Friday, August 10, 2012

In Theaters: THE BOURNE LEGACY (2012)

(US - 2012)

Directed by Tony Gilroy.  Written by Tony Gilroy & Dan Gilroy.  Cast: Jeremy Renner, Rachel Weisz, Edward Norton, Stacy Keach, Joan Allen, Albert Finney, David Strathairn, Scott Glenn, Oscar Isaac, Zeljko Ivanek, Dennis Boutsikaris, Corey Stoll, Donna Murphy, Elizabeth Marvel, Louis Ozawa Changchien, Paddy Considine.  (PG-13, 133 mins)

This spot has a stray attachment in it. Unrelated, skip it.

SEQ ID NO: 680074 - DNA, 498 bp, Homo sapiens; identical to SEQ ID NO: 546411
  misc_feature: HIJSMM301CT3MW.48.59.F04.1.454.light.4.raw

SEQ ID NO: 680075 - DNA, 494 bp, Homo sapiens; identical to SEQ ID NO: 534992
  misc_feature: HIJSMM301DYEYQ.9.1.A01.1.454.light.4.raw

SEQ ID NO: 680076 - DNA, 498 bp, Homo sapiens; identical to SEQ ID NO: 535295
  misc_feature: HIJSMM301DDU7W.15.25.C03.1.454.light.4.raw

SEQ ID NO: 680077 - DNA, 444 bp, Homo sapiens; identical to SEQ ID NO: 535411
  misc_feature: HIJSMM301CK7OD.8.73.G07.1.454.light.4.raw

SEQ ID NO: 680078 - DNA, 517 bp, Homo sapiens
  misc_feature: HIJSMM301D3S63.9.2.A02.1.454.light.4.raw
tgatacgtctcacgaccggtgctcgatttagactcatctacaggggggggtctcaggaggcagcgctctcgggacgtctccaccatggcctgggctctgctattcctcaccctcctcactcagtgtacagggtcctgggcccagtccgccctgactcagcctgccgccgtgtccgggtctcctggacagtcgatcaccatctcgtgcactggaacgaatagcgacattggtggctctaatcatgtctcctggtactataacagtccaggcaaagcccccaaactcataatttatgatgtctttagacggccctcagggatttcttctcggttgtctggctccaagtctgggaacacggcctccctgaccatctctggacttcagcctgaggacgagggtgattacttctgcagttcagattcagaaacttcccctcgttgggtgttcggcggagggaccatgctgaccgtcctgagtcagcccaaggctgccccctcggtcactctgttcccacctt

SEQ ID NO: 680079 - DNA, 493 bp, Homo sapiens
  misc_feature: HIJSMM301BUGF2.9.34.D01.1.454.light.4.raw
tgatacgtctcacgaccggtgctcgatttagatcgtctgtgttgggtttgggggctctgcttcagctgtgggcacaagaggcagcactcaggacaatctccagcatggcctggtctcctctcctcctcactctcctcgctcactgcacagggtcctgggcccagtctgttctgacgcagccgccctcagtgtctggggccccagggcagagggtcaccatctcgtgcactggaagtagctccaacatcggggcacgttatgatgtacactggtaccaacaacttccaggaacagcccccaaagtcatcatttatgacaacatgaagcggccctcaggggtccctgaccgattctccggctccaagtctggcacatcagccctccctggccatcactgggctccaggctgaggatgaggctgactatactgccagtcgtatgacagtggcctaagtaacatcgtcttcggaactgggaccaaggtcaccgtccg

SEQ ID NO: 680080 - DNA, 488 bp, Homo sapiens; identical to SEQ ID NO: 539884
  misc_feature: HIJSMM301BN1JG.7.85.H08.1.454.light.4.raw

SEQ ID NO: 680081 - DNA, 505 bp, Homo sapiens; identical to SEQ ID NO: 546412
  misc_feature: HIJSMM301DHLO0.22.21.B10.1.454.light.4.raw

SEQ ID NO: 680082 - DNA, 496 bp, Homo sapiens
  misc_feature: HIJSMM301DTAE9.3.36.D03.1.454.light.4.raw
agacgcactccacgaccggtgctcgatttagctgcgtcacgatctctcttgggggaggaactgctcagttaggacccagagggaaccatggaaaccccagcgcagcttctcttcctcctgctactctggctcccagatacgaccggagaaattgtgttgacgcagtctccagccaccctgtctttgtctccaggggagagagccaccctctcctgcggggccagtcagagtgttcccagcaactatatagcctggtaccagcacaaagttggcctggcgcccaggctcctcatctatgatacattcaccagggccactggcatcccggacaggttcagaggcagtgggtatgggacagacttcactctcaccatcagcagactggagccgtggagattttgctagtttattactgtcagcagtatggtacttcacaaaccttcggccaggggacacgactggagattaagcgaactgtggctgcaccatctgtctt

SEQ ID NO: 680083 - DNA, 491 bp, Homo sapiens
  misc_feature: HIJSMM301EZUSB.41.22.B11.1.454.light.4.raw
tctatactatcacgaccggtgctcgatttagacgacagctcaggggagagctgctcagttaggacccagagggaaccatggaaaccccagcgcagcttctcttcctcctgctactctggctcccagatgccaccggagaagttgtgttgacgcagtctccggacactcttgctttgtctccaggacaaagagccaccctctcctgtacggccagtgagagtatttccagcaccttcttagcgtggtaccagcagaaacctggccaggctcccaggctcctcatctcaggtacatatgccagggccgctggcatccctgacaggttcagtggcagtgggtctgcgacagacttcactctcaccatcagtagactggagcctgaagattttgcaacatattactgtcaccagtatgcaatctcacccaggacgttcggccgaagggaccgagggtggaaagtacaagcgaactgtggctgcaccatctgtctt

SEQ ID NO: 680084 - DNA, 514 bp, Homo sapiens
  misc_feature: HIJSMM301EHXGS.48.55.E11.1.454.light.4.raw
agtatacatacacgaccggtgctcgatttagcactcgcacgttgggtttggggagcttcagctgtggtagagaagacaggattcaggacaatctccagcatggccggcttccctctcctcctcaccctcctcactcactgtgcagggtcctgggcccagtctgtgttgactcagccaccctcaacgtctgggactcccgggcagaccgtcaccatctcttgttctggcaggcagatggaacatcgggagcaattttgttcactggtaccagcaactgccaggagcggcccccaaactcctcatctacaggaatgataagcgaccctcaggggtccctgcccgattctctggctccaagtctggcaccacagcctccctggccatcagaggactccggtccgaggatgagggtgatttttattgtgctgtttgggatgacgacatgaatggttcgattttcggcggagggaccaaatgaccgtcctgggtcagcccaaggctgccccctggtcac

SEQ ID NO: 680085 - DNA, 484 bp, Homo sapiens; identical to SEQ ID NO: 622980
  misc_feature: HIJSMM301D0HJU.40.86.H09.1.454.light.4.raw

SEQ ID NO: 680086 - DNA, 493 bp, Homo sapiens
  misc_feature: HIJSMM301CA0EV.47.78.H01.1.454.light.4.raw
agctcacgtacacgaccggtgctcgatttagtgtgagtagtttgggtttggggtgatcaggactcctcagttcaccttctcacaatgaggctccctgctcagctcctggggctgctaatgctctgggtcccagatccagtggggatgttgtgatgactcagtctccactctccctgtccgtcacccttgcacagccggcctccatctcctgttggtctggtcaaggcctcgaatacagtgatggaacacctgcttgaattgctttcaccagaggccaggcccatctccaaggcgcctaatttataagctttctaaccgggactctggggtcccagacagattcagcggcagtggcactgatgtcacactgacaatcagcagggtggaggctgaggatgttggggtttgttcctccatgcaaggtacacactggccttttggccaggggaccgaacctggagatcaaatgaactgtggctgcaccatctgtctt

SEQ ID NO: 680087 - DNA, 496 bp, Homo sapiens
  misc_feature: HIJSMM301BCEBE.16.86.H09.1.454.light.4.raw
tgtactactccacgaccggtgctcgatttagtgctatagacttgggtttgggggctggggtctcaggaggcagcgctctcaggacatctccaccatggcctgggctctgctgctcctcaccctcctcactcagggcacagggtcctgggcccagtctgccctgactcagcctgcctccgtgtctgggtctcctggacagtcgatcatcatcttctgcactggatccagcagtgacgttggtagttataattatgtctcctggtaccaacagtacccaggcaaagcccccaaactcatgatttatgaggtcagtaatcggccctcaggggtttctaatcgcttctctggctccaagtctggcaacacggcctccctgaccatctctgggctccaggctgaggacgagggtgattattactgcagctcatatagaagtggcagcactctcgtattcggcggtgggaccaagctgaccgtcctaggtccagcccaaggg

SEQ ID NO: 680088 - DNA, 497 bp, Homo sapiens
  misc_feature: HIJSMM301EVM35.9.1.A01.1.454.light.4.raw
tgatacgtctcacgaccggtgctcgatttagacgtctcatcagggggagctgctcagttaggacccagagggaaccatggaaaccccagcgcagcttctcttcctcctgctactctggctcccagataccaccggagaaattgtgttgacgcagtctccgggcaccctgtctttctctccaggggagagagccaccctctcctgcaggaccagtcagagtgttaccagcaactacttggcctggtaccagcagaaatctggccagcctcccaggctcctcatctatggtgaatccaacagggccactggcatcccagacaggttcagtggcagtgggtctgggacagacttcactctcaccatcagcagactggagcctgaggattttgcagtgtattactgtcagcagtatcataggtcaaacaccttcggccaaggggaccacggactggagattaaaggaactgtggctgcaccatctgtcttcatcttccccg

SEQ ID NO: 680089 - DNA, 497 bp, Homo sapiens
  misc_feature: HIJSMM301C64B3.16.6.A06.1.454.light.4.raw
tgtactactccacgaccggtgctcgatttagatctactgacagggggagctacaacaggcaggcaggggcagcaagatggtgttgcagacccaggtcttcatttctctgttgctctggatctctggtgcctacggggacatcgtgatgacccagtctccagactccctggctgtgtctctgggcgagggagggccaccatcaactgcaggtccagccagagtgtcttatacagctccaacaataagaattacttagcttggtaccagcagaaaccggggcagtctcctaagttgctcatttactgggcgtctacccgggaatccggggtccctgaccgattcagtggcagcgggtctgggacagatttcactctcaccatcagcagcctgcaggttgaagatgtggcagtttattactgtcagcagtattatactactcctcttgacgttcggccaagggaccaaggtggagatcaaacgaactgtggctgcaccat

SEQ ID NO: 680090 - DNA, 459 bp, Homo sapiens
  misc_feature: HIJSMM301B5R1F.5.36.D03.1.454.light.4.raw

The films in the Matt Damon-starring BOURNE trilogy are arguably the most highly-regarded action films of the last decade.  As entertaining as 2002's THE BOURNE IDENTITY was, it wasn't until 2004's THE BOURNE SUPREMACY, which found director Paul Greengrass taking over for IDENTITY's Doug Liman, that the series really hit its stride.  The sense of handheld immediacy that Greengrass brought to his breakthrough film BLOODY SUNDAY (2002) translated beautifully to complex chase sequences that, for better or worse, changed the way action films were constructed and clearly influenced how the makers of 2006's CASINO ROYALE approached reinventing James Bond.  That said, Greengrass' techniques aren't easy to imitate effectively, and a lot of action films that have followed in the wake of SUPREMACY and 2007's THE BOURNE ULTIMATUM fell--and continue to fall--victim to hyper-edited, overly-frenetic shaky-cam that renders a lot of the action incomprehensible and headache-inducing.  A lot of people cite Greengrass as the culprit for the action shaky-cam phenomenon, but that's like blaming Quentin Tarantino for all the RESERVOIR DOGS and PULP FICTION ripoffs that flooded video stores in the 1990s.  It's not Greengrass' fault that he's great at what he does and other filmmakers aren't.